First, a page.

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How to Deal with the Emotional Aftermath of the Florida Mass Shooting
March 7, 2018
Jose Pedro Davila

According to research conducted at Chapman University in Orange, California, 28.1% of Americans fear the occurrence of a mass shooting. The nation’s fears are not without reason; in the last 2 years, our country has faced 4 of the 10 deadliest mass shootings in modern history. Taking place in a range of locations: a church, a school, a concert, and a nightclub, it seems like no place is too safe or in the clear.

On Valentine’s Day, Marjory Stoneman Douglas High School in Parkland, Florida, was the scene of our nation’s 9th deadliest mass shooting. 17 individuals, including young students and teachers, were robbed of their lives by 19-year-old Nikolas Cruz. The news echoed throughout the country, once again tearing through the healing heart of the nation, that less than half a year ago endured both the Las Vegas and the Sutherland Springs shootings, where a total of 84 lives were lost.
In the midst of this challenging time, it important that we become united as a nation, we must find a way to stay strong for one another. The fears and emotions felt following such a devastating event are not easy to deal with, but it is of incredible importance that we do not allow this tragedy to overtake our willingness to fight to make a difference. A necessary balance of self-care and a desire to improve the endless cycle of violence are necessary in order for our country to once again feel safe.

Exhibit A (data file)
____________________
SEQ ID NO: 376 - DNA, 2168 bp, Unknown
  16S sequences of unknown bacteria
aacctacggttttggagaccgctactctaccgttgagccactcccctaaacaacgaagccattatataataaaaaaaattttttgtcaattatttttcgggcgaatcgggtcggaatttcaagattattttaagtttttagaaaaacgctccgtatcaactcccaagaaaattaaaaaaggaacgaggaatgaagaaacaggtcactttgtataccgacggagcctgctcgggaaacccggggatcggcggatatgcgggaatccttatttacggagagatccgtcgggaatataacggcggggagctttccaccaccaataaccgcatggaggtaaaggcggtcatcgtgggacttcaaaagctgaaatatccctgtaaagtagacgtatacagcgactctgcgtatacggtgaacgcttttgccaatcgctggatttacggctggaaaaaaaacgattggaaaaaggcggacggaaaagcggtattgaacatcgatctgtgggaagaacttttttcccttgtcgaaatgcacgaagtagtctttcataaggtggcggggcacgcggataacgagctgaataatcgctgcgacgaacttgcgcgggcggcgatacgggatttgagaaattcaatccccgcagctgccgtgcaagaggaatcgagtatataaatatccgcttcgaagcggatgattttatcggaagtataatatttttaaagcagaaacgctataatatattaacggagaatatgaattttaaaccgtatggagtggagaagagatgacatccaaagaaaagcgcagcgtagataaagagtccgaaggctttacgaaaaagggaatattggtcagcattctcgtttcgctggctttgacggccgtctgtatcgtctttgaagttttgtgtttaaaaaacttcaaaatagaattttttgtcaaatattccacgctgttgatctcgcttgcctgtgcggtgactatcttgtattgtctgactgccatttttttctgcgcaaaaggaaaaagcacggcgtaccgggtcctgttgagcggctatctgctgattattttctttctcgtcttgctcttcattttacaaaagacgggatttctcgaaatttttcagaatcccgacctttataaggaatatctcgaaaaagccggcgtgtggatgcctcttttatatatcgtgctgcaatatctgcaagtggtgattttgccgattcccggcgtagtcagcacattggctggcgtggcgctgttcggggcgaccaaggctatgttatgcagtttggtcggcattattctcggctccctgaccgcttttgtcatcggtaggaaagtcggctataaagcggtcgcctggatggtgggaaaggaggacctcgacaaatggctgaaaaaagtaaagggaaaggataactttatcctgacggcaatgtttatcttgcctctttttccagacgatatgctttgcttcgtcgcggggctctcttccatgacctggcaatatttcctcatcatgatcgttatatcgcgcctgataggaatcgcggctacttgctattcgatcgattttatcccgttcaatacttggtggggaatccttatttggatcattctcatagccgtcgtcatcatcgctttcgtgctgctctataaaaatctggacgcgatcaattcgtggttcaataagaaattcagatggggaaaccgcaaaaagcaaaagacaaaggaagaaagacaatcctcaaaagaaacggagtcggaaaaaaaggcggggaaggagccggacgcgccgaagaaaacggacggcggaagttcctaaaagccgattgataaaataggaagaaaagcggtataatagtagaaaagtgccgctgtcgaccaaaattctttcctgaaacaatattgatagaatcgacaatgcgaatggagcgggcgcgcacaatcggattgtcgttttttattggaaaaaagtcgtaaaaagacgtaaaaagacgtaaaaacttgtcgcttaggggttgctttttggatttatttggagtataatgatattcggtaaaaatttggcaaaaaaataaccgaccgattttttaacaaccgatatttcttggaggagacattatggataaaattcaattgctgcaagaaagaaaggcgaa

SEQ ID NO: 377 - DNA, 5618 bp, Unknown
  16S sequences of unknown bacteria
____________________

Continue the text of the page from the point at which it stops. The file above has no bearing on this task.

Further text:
Here are some helpful tips to assist you in coping with both the sadness and fear brought by this awful event:

•    Give yourself time: Allow yourself to cope and accept the emotions you are currently dealing with. You deserve, and need the time to get through whatever it is that you are feeling or afraid of.  
•    Reach out: Talk to your friends and family about the things that may be running through your head, you don’t need to go through this challenging experience alone.
•    Take a break from the news and social media: Allow yourself the opportunity to heal before you surround yourself with the constant reminder of the occurrence, you need comfort more than you need details.
•    Find a way to help: Whether that is by lending a shoulder to cry on, or by participating in a march or rally for change, being involved and helping others may, in turn, help you too.

El Weekender



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